The Good Wife – “Crash”

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“Crash”

October 20th, 2009

One of the things which makes any legal show somewhat interesting is when it largely evades the law. At the heart of The Good Wife is less a question of what is legal or moral, but rather what is just. The central premise is such that Alicia is forced to consider whether or not her husband committed a crime, and whether or not that even matters to a broader question of justice. It’s one thing to say whether Peter broke any rules, but it’s another to say whether he was unjust to his family.

And because “Crash” focuses on a story where the goal is to actually avoid the legal system, where the crime being committed is a moving target while the injustice is staring everyone right in the face, it really brings this type of story to the forefront. Mixing that case, which on its own was interesting, with a couple of interesting sidenotes, some more work on the ongoing storyline with Peter, and even some acknowledgement of the tension between Will and Alicia, and you have yet another solid hour for the series.

I think my favourite part of the episode, to be honest with you, is the sidenote of Patty’s assistant apologizing to Alicia for Patty’s behaviour during the deposition of Aldrige before eventually turning up at episode’s end as Alicia and Cary’s new assistant. It was one of those small little beats that the show built to with a sense of precision that every good procedural needs, but not every one actually has. The “new assistant” story to that point was somewhat successful, playing slightly too much into the expectation that Cary likes hot young secretaries and Alicia would prefer someone older and less attractive but having some fun with it with Cary’s less than serious choice of a computer illiterate chainsmoker. However, when it all came full circle (as the assistant quit to apply for a job with someone a bit less cutthroat), it was the kind of note that a show like this would be well to do more often.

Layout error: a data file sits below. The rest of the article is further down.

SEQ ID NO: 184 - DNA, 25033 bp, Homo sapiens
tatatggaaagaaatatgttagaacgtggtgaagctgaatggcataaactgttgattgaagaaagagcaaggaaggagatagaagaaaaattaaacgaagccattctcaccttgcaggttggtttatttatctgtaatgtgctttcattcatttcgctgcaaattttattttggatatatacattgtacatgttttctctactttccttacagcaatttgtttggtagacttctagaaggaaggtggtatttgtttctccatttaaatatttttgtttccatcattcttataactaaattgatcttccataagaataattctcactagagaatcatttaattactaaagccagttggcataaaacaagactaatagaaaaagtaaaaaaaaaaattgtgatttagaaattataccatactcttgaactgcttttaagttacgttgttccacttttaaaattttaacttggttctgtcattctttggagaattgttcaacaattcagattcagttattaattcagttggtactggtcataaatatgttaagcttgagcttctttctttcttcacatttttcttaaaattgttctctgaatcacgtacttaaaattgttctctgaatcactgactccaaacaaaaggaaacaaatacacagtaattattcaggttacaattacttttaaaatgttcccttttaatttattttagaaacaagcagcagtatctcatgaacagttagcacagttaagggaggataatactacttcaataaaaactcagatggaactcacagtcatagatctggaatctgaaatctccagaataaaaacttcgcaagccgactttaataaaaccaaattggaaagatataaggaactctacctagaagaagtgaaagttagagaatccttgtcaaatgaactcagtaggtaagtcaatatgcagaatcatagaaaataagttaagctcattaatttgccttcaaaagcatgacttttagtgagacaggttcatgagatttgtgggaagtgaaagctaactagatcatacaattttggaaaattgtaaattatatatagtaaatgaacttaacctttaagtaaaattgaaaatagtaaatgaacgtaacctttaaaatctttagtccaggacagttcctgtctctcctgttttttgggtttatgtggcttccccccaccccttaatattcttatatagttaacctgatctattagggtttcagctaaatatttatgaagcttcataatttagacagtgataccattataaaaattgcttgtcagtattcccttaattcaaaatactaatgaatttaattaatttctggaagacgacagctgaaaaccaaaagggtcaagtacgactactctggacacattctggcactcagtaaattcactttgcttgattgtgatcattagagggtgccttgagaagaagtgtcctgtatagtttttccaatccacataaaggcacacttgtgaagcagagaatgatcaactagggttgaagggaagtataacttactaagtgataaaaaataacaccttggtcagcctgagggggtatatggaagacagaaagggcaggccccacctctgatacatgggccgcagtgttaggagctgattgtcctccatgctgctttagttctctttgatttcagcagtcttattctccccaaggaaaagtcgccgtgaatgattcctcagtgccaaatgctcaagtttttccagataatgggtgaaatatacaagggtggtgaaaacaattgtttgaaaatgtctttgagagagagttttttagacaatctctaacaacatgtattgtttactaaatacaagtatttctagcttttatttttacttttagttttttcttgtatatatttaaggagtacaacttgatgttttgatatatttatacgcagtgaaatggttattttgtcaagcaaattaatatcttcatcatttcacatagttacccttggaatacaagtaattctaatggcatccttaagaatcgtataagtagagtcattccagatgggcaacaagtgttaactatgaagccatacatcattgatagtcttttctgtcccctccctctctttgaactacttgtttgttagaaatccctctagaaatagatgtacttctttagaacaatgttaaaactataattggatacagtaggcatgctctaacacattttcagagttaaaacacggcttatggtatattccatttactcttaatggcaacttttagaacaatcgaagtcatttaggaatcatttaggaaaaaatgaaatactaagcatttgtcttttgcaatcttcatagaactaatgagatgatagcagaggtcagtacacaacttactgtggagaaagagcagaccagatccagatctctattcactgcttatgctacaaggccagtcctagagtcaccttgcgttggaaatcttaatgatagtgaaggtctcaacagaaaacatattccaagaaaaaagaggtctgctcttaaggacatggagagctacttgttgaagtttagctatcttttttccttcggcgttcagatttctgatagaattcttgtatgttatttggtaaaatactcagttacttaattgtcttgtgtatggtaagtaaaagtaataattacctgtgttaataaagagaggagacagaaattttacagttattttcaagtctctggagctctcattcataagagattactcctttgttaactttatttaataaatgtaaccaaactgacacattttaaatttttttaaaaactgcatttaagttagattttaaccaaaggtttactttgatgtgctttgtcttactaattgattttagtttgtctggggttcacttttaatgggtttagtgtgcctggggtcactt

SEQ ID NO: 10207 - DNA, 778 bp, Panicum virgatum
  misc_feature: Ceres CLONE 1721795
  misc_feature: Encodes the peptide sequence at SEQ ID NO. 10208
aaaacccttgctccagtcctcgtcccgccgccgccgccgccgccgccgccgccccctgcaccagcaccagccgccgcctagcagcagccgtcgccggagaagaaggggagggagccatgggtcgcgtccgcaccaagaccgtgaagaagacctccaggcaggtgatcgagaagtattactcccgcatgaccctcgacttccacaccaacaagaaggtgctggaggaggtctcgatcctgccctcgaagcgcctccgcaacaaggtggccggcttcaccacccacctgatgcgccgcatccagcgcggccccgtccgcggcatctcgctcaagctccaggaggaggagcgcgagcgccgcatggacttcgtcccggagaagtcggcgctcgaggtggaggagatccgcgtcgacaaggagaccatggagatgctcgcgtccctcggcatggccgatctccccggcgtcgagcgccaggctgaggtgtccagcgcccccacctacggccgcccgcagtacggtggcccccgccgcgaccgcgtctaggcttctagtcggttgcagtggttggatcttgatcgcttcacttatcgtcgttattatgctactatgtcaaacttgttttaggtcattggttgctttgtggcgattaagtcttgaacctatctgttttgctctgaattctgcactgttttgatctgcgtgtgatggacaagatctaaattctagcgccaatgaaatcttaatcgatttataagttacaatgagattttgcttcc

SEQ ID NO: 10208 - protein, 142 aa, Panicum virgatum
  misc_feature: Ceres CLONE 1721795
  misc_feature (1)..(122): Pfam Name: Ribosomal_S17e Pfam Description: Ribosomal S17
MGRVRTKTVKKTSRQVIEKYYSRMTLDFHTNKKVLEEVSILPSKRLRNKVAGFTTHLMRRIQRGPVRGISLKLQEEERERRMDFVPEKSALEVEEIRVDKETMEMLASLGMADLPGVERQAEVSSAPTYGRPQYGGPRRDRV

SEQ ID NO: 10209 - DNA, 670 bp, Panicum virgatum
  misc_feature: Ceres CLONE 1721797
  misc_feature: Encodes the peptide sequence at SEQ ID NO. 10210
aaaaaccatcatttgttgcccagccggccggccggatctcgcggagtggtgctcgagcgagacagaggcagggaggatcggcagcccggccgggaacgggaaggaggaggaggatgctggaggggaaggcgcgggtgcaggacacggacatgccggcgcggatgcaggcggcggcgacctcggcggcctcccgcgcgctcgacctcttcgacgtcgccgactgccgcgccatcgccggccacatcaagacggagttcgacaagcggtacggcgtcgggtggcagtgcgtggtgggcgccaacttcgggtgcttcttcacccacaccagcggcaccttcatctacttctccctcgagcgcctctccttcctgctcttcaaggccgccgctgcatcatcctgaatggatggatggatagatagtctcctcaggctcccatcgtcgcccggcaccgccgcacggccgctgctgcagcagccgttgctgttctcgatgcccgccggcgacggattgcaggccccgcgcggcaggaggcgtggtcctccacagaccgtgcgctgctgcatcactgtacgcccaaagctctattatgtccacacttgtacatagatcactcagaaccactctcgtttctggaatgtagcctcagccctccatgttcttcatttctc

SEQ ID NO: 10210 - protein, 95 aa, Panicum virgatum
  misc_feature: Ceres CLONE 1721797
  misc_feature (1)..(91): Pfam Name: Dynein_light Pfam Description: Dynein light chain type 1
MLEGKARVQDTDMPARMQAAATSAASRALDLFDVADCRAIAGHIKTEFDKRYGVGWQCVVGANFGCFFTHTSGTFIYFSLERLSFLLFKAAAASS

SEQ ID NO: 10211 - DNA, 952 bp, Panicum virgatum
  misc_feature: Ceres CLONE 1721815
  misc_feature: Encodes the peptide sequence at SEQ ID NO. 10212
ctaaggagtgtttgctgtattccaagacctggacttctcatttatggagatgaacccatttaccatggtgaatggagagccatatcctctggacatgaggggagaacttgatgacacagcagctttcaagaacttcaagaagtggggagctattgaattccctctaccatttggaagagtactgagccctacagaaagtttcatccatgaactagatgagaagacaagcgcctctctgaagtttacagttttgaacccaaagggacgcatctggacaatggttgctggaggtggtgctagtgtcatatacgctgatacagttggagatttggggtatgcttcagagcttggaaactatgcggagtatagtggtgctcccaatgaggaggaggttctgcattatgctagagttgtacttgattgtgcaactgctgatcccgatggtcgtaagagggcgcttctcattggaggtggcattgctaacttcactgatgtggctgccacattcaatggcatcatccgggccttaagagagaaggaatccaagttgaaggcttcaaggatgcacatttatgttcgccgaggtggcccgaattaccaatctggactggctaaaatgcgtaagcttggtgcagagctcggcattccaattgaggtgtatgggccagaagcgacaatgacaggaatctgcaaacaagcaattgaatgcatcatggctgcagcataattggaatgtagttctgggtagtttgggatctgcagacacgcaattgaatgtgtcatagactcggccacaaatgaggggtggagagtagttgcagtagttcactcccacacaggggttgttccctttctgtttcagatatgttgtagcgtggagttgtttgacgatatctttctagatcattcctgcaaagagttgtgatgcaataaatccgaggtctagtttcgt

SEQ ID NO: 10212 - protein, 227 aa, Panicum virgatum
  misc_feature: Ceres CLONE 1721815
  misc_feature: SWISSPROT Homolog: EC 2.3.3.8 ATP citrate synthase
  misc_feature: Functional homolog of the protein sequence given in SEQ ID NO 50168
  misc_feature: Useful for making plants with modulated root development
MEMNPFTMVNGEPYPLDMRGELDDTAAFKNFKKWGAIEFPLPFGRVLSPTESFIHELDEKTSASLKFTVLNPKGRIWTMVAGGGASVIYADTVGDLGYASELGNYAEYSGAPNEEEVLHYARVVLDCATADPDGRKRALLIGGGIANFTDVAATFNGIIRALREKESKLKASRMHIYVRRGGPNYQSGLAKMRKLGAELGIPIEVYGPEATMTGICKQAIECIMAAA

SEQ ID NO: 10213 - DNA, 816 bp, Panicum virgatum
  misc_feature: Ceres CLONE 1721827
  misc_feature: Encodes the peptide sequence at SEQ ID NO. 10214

The case itself was a bit forced, if not in a bad way. It just seemed like the sense of discovery that Alicia and Will were experiencing played out more like exposition for the audience, which is not abnormal in procedurals but was a bit pained here. I think the case was actually more interesting before Alicia got faced with yet another position where her own experience informs her legal opinion, as it didn’t feel particularly new for the series and more problematically it kind of came out of nowhere with the case. I liked that we got to see the deposition process, and the twists and turns in the case kept me engaged even if they felt a bit forced, but for it to all boil down to Alicia having to put Sarah Connelly through what she went through felt a bit off when we never got to see any of the consequences. It seemed like we never got to spend enough time with the various twists to be able to see them through, which made for a bunch of interesting ideas that never quite came to fruition.

However, the show has a certain style about it, and the elements of the case that related less to the plot were all quite good. I thought the judge, with his no nonsense policy, was an intriguing addition to the show’s roster, and Patty (played by Martha Plimpton, coming off of a guest stint on Grey’s Anatomy earlier in the season) was a sharp lawyer that really did entertain in her own no nonsense (and pregnant) manner. The show also got to work in Alicia’s home life through her mother-in-law’s frustration with her drifting away from her family, and her planting a worm about a potential flirtation between Will and Alicia. While the show got a couple of tense confrontations out of all of this (a late night realization about an affair between the two people working late at night while Alicia and Will were working late at night, Alicia confronting her mother-in-law about the kids’ visit to prison, Alicia and Peter’s final moment), all of them had a sense of reality to them: the show has thus far resisted melodrama, and little notes like Alicia pointing out the irony of Peter being paranoid about an affair go a long way to breaking the tension and keeping the show from falling into some unfortunate patterns.

Either way, it’s another solid episode for the show, one where the show’s characters and serialized elements overcame a weaker procedural story and resulted in a good hour of television.

Cultural Observations

  • Diane and Kalinda’s story was a bit of an aside, something that never really connected with anything else. However, I like the idea that we’re seeing different characters interact with one another, and since I really enjoy Kalinda and believe that Baranski is underused on the show thus far it’s something to enjoy.
  • There are some moments when Alicia’s past is played for humour (like with the older assistant), and others for dramatic effect (like with the case), but I like it best when it’s Alicia who uses it. When she noted to Patty that any attempt to make her feel uncomfortable will fail in the face of her previous experience, it felt more empowering than convenient, which is what the show should be going for.
  • Will be interesting to see how a partner leaving actually affects the firm, and where Alicia fits into it – the show occasionally dabbles in workplace drama, and that’s one storyline that will play out along those lines.
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